Wednesday, June 11, 2014

Parents shouldn't need "apps" to parent

By my own admission, I am not the most disciplinarian of parents, but I do think I know where lines need to be drawn.

The phrase "today's kids" is one that is bandied about quite freely, almost as an excuse in some cases for misbehavior or ill discipline, and while the world has certainly changed since I was in shorts, certain home truths should remain constant (like listening to parents).

I started writing this blog entry when I came across a new iPhone app called "DinnerTime". I'm an avid tech follower and am game to learn about and try new apps, but this one really irked me .. in fact, it made me quite angry!

The function of the app? You program into your child's phone meal times and it prevents them using the phone at such times.

The app co-founder wrote: I’ve noticed that my children find technology to be addictive at times, playing games or watching videos on their tablets or phones, and are easily distracted by their devices at dinner time and bed time. This gave me the idea for DinnerTime, as I wanted to create something that could help my children focus on other activities, and we could enjoy quality time together.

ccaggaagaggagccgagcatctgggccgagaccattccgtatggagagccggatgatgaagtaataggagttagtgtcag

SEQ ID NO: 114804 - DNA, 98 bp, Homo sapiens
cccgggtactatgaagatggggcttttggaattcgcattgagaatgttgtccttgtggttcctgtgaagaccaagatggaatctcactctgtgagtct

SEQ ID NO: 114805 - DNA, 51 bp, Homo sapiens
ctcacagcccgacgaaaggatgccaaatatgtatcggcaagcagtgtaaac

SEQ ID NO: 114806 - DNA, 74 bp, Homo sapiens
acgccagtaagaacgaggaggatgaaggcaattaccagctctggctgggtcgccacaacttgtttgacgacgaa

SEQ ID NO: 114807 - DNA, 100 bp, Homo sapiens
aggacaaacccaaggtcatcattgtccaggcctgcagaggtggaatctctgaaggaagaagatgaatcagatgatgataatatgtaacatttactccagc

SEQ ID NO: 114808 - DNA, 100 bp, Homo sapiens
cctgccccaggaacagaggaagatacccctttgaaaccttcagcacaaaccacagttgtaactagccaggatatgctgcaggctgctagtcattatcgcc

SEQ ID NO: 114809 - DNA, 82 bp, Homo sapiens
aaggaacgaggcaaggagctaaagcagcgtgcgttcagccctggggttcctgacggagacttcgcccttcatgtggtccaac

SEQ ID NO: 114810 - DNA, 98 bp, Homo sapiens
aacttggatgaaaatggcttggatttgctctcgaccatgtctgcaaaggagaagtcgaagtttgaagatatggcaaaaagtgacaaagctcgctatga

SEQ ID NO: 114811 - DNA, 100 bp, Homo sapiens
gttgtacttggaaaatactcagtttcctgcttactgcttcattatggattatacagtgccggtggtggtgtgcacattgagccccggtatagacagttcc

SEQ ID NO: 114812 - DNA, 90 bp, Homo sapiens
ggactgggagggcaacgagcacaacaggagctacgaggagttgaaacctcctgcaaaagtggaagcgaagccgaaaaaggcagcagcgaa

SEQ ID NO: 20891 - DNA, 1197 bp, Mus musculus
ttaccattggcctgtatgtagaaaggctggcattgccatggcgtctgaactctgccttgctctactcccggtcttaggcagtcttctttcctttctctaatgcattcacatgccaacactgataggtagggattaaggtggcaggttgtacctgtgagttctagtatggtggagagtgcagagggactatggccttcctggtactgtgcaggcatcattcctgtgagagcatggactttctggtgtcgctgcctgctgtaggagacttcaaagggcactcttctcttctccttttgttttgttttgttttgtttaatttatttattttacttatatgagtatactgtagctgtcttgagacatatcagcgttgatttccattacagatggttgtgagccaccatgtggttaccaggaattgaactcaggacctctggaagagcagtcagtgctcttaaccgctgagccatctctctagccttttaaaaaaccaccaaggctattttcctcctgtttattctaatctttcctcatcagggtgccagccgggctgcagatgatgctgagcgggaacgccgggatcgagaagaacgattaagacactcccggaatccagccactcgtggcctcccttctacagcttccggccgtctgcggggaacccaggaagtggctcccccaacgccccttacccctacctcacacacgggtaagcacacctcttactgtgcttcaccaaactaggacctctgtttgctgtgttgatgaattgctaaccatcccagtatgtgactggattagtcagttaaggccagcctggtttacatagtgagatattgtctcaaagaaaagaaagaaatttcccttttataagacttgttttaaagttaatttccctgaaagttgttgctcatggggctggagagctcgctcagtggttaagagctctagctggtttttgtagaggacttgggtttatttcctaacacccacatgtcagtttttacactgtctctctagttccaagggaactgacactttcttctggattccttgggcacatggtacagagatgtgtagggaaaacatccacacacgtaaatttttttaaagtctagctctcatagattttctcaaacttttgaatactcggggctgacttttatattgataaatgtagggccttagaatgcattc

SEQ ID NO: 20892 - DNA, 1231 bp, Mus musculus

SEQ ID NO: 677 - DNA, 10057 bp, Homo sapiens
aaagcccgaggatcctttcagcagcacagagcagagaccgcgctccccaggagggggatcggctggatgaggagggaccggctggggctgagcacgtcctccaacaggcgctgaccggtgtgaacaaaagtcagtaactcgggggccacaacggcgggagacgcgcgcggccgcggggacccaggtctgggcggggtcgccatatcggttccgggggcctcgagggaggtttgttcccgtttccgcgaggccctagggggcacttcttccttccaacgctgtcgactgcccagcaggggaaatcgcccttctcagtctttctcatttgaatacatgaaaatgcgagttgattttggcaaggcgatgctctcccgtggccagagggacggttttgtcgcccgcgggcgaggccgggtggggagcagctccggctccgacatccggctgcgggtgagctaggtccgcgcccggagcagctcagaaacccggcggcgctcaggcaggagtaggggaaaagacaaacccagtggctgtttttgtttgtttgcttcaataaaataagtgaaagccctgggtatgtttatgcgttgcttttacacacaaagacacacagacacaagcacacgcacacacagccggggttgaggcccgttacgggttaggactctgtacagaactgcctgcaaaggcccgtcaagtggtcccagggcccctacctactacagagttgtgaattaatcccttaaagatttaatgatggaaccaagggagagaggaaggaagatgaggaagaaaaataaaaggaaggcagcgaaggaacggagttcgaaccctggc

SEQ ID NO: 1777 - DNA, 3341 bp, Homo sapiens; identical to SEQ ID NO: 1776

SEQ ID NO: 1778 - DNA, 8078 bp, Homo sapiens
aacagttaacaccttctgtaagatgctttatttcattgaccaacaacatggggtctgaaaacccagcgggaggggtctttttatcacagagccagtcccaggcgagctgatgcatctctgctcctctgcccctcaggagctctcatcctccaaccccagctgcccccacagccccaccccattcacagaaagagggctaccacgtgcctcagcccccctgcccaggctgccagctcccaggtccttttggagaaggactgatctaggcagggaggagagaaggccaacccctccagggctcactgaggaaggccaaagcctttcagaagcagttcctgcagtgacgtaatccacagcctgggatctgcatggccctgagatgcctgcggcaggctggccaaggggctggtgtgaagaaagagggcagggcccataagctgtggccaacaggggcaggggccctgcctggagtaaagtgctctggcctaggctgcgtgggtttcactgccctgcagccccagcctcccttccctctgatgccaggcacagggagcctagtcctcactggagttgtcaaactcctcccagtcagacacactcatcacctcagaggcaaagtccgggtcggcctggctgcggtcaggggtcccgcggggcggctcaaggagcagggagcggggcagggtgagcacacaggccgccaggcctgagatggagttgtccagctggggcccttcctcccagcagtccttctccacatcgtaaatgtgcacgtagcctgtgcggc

Now I confess that my kids love their screens. I don't particularly have an issue with that, but like everything, they should be used in moderation and they should understand and respect parental rules that are set. For us, a certain amount of screen time is allowed on weekdays and a certain amount on weekends. Phones are charged at night time in the family room (not in the bedrooms) and they are not allowed to be used in the car on short journeys and absolutely never at the dinner table.

The way we implement these rules at home is the old fashioned way ... using words.

I find it simply abhorrent that any parent would need an app to forcefully shut down their child's phone at the dinner table because they cannot do it with words.

I think its "today's parents" that are different ... taking an easy route like this keeps a future generation on a downward societal trend with an inability to look up and engage with other people.

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